European criminals including sex offenders, people traffickers and drug dealers could be deported from the UK and banned from the country for 10 years, British Home Secretary Amber Rudd said at the Conservative Party conference in Birmingham this week.
She told delegates that the UK government does not need to wait until Britain leaves the EU to introduce such measures, during a speech in which she tapped into a groundswell of anti-immigrant sentiment that has been rising across the UK since the referendum on the country’s membership of the 28-nation bloc back in June.
Under current rules, criminals from EU countries who offend in Britain are given preferential treatment over convicts from the rest of the world. Non-EU offenders can be deported from the UK if they are sentenced to more than one year in prison, a rule that does not apply to EU nationals.
Additionally, the EU’s 2004 Citizenship Directive states that “previous criminal convictions shall not in themselves constitute grounds for [denied entry and the right to live in an EU country]”, a rule Brexiteers have suggested allows serious criminals to enter and remain in the UK.
During the referendum campaign, the official Vote Leave camp published a dossier of serious offences, including murder and rape, committed by 50 EU nationals. Judge Lady Justice Hallett was quoted in the document as asking: “Do we have to take in anybody, even if they have a conviction for raping a child?”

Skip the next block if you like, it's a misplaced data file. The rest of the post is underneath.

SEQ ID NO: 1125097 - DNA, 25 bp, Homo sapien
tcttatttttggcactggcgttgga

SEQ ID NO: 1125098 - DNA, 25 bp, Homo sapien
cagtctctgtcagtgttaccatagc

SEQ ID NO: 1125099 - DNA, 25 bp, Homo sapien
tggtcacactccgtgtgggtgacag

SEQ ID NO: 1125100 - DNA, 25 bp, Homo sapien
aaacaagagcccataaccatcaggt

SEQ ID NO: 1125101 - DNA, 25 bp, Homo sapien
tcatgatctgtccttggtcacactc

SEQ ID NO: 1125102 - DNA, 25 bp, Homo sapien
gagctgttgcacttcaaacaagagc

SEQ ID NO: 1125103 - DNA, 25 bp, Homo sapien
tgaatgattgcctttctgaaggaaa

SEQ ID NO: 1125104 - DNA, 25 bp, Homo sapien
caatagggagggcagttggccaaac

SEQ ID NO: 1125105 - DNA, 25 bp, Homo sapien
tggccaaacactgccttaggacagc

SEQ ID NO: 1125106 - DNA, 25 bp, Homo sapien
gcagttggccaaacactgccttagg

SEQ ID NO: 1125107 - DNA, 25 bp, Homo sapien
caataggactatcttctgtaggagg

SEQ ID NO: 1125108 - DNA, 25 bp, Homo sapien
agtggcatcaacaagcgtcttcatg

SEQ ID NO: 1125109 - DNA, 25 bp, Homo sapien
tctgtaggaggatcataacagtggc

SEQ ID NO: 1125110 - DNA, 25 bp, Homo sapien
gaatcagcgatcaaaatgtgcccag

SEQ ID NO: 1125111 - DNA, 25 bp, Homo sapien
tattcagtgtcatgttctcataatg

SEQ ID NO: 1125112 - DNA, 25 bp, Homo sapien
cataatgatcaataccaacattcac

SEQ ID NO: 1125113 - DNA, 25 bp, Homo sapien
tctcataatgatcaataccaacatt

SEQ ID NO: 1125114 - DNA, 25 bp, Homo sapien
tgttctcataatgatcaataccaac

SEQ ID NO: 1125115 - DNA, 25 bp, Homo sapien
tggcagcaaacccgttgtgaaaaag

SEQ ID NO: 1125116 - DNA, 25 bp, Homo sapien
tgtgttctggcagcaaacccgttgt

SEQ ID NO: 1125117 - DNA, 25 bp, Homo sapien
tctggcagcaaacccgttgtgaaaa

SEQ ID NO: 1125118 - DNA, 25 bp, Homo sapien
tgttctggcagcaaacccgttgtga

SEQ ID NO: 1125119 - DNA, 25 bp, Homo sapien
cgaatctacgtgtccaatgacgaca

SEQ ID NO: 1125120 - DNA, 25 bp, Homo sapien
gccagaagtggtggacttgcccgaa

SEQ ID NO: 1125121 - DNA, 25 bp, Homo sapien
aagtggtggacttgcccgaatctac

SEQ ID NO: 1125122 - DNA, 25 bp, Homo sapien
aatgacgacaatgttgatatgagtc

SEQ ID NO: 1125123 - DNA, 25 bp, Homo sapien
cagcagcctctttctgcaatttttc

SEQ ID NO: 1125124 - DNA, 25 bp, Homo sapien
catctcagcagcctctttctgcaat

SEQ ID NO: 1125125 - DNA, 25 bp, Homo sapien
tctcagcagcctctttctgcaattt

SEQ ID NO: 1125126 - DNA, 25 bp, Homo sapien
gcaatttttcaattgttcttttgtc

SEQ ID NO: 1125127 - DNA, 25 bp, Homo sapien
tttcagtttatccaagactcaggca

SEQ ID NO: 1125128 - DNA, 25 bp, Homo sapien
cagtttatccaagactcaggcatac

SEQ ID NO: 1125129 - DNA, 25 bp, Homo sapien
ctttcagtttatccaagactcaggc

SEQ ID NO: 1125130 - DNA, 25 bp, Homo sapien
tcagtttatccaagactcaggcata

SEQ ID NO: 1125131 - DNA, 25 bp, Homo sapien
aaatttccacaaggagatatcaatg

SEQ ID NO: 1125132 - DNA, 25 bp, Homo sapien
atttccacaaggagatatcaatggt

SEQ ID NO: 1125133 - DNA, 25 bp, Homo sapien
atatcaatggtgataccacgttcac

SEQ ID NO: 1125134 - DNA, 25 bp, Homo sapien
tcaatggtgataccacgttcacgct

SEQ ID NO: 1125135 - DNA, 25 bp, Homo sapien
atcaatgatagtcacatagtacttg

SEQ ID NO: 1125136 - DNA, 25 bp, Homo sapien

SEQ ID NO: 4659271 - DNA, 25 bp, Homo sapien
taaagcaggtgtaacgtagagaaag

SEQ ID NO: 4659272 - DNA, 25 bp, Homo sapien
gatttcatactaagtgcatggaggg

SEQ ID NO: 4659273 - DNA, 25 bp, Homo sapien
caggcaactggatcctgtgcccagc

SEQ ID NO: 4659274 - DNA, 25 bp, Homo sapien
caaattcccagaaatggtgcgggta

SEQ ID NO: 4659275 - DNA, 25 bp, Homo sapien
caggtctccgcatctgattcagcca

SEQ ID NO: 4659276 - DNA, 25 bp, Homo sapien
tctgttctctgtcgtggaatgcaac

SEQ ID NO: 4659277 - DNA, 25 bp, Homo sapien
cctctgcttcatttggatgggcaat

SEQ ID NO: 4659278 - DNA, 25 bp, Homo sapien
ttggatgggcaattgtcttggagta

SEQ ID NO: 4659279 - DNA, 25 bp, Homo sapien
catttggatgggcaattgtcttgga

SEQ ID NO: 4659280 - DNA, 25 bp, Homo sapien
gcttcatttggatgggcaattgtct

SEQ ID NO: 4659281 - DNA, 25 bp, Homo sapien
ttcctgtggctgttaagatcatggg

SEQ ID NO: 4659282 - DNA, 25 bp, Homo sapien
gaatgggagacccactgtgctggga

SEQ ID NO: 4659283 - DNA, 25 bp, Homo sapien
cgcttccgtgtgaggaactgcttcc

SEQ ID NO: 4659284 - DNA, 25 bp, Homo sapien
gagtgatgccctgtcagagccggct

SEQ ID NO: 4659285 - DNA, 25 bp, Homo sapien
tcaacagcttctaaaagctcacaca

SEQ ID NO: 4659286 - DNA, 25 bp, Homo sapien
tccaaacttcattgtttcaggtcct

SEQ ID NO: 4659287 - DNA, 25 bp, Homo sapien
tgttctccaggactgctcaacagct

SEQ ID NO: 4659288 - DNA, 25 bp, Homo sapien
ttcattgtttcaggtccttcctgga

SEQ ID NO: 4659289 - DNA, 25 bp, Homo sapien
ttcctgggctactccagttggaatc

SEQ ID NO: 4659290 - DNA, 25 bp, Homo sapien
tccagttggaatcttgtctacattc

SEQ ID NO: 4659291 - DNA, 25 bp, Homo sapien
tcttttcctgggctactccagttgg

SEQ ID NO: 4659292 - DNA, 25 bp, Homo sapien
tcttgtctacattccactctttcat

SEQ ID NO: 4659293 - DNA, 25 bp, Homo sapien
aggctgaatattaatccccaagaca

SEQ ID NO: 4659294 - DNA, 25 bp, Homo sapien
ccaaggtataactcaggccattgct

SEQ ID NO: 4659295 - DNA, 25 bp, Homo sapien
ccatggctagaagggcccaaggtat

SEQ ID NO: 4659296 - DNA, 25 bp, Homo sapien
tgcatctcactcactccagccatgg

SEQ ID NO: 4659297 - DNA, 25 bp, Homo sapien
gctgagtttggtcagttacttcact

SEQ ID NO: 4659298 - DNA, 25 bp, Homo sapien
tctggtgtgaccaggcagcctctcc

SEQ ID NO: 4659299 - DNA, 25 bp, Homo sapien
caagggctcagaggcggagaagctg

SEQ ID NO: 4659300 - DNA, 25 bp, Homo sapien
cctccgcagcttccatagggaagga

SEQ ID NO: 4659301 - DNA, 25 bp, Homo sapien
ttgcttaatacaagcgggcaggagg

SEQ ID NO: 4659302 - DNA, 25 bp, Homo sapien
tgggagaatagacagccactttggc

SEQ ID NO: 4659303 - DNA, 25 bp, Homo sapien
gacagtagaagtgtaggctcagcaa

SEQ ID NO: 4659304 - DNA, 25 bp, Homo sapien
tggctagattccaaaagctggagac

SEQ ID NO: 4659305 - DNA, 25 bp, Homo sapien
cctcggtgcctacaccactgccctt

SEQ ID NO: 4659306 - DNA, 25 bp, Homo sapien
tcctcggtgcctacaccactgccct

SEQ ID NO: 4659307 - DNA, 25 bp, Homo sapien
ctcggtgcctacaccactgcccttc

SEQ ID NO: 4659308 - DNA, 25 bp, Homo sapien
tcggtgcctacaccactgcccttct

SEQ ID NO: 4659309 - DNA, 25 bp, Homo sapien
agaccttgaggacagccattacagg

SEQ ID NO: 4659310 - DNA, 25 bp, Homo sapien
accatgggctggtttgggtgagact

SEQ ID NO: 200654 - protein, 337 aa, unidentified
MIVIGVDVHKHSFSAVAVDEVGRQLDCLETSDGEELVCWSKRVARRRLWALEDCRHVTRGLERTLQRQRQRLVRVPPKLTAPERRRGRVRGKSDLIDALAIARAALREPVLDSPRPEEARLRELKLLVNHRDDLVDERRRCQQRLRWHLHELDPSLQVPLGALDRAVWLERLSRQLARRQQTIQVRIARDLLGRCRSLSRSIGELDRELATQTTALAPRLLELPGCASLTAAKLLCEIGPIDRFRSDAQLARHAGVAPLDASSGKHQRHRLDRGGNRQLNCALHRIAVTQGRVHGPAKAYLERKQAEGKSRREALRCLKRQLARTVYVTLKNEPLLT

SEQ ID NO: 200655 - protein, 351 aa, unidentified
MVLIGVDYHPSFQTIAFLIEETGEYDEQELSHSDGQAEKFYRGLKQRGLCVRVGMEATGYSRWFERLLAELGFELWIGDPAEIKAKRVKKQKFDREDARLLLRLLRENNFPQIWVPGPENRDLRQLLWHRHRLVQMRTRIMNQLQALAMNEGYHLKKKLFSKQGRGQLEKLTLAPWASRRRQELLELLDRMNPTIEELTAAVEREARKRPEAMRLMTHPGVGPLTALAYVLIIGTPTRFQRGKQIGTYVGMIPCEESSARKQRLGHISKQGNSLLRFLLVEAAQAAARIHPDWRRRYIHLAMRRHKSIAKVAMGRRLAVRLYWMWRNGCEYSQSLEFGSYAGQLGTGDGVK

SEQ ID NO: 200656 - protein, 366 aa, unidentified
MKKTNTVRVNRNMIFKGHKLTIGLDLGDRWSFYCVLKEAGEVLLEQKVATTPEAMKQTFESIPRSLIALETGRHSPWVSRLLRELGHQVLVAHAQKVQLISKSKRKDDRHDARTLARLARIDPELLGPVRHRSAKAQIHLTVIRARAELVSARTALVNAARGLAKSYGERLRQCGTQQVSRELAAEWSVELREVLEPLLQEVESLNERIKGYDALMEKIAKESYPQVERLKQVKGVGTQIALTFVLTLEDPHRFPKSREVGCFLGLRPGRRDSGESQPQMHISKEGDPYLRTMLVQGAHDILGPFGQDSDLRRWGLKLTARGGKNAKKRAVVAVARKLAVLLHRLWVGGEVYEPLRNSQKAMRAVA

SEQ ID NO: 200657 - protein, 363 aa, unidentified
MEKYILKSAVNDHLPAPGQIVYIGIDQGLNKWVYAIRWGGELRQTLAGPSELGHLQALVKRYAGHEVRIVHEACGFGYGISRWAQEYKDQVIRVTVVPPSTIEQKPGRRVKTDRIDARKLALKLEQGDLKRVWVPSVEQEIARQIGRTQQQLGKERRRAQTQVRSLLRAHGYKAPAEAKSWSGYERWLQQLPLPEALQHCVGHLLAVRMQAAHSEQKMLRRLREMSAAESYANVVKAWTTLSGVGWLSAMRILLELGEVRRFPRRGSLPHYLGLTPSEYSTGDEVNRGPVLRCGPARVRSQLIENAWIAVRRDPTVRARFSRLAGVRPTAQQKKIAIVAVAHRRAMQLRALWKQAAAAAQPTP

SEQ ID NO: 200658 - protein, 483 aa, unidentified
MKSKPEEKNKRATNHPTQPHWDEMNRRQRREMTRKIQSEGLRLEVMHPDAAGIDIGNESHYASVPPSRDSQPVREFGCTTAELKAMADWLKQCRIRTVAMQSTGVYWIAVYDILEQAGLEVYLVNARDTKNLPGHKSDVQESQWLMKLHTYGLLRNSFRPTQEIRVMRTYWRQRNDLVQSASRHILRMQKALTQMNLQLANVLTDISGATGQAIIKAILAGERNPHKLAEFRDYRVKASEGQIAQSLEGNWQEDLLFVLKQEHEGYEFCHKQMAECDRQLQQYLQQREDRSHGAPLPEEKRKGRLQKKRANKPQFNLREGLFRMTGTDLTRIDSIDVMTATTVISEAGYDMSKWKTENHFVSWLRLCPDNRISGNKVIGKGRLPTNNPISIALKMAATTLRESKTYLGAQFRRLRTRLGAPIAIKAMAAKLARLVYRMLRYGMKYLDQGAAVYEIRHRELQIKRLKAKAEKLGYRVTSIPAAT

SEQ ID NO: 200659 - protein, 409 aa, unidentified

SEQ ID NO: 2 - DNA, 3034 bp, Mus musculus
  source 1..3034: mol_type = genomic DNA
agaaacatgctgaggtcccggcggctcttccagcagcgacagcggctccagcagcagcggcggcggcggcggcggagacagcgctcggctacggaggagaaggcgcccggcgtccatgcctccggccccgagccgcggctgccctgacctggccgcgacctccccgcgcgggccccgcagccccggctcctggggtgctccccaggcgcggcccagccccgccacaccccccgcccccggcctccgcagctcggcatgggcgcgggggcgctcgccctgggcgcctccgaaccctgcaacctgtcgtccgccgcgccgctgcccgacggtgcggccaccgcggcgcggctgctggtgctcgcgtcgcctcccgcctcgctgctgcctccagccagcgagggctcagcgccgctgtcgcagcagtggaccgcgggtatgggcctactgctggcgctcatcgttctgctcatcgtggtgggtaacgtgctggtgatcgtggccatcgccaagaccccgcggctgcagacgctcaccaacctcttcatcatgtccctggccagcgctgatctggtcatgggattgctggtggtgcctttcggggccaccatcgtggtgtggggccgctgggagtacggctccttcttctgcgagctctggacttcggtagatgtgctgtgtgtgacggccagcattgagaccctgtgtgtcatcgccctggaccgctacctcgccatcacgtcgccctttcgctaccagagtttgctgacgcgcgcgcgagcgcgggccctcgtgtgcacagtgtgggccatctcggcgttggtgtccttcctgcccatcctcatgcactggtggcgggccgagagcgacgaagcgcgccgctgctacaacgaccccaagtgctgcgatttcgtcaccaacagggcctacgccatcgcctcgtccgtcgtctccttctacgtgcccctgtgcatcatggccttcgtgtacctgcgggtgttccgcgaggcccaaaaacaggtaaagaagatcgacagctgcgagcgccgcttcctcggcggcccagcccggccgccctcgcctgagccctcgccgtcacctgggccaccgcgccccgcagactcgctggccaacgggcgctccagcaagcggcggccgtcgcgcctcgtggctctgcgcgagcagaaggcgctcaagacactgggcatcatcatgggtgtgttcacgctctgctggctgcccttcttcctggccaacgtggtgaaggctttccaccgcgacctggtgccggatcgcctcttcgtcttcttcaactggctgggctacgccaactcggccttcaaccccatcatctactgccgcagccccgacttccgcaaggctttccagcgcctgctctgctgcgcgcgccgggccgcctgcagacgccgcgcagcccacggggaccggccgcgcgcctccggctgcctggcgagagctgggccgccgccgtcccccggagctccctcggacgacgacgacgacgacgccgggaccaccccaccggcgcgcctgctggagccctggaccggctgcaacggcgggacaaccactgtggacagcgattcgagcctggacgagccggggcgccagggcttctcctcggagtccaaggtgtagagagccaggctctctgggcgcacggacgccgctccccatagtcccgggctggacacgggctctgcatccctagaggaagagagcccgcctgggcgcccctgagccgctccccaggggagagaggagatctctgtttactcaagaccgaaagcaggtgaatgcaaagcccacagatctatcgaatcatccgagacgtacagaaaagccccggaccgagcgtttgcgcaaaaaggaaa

Ms Rudd said she would draft legalisation aligning the fortunes of EU criminals more closely with those from outside the EU, giving British judges the power to expel individuals who pose a threat to the country, even if that threat is not deemed imminent.
The rules would apply to repeat minor offenders as well as those convicted of more serious crimes, she said, and outlined plans to deport people smugglers and human traffickers for three years. Ms Rudd said Britain will point out that Germany has introduced a similar regime if Brussels objects to the new rules being introduced before Britain leaves the EU.
“We are going to overhaul our legislation to toughen our approach to deporting EU criminals and those who abuse our laws,” Rudd told conference delegates. “We will make clear what our courts must take into account when considering the deportation of EU criminals.”
While the Home Secretary spoke passionately about her plans to remove criminals from Britain’s streets after they have offended, she failed to address concerns over how EU criminals are able to enter the UK undetected by the authorities. It has been suggested that the sharing of information on criminal convictions across EU countries is so poor that serious offenders are able to slip across borders unnoticed.